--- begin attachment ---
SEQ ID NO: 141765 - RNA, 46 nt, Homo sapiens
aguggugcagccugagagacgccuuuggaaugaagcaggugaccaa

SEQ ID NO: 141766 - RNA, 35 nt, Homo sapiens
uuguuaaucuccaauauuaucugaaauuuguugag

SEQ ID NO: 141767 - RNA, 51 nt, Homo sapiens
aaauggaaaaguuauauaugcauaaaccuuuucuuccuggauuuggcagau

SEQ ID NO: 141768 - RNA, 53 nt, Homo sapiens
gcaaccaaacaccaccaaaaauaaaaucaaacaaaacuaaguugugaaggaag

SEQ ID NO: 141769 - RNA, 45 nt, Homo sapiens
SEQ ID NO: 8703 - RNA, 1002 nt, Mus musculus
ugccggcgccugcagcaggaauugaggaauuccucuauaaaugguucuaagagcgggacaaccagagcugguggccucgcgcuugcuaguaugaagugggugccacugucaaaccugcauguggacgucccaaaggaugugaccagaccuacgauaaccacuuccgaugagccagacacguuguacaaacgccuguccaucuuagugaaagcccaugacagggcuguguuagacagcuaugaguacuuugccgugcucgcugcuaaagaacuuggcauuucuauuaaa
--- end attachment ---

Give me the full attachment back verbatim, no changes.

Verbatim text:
SEQ ID NO: 141765 - RNA, 46 nt, Homo sapiens
aguggugcagccugagagacgccuuuggaaugaagcaggugaccaa

SEQ ID NO: 141766 - RNA, 35 nt, Homo sapiens
uuguuaaucuccaauauuaucugaaauuuguugag

SEQ ID NO: 141767 - RNA, 51 nt, Homo sapiens
aaauggaaaaguuauauaugcauaaaccuuuucuuccuggauuuggcagau

SEQ ID NO: 141768 - RNA, 53 nt, Homo sapiens
gcaaccaaacaccaccaaaaauaaaaucaaacaaaacuaaguugugaaggaag

SEQ ID NO: 141769 - RNA, 45 nt, Homo sapiens
SEQ ID NO: 8703 - RNA, 1002 nt, Mus musculus
ugccggcgccugcagcaggaauugaggaauuccucuauaaaugguucuaagagcgggacaaccagagcugguggccucgcgcuugcuaguaugaagugggugccacugucaaaccugcauguggacgucccaaaggaugugaccagaccuacgauaaccacuuccgaugagccagacacguuguacaaacgccuguccaucuuagugaaagcccaugacagggcuguguuagacagcuaugaguacuuugccgugcucgcugcuaaagaacuuggcauuucuauuaaa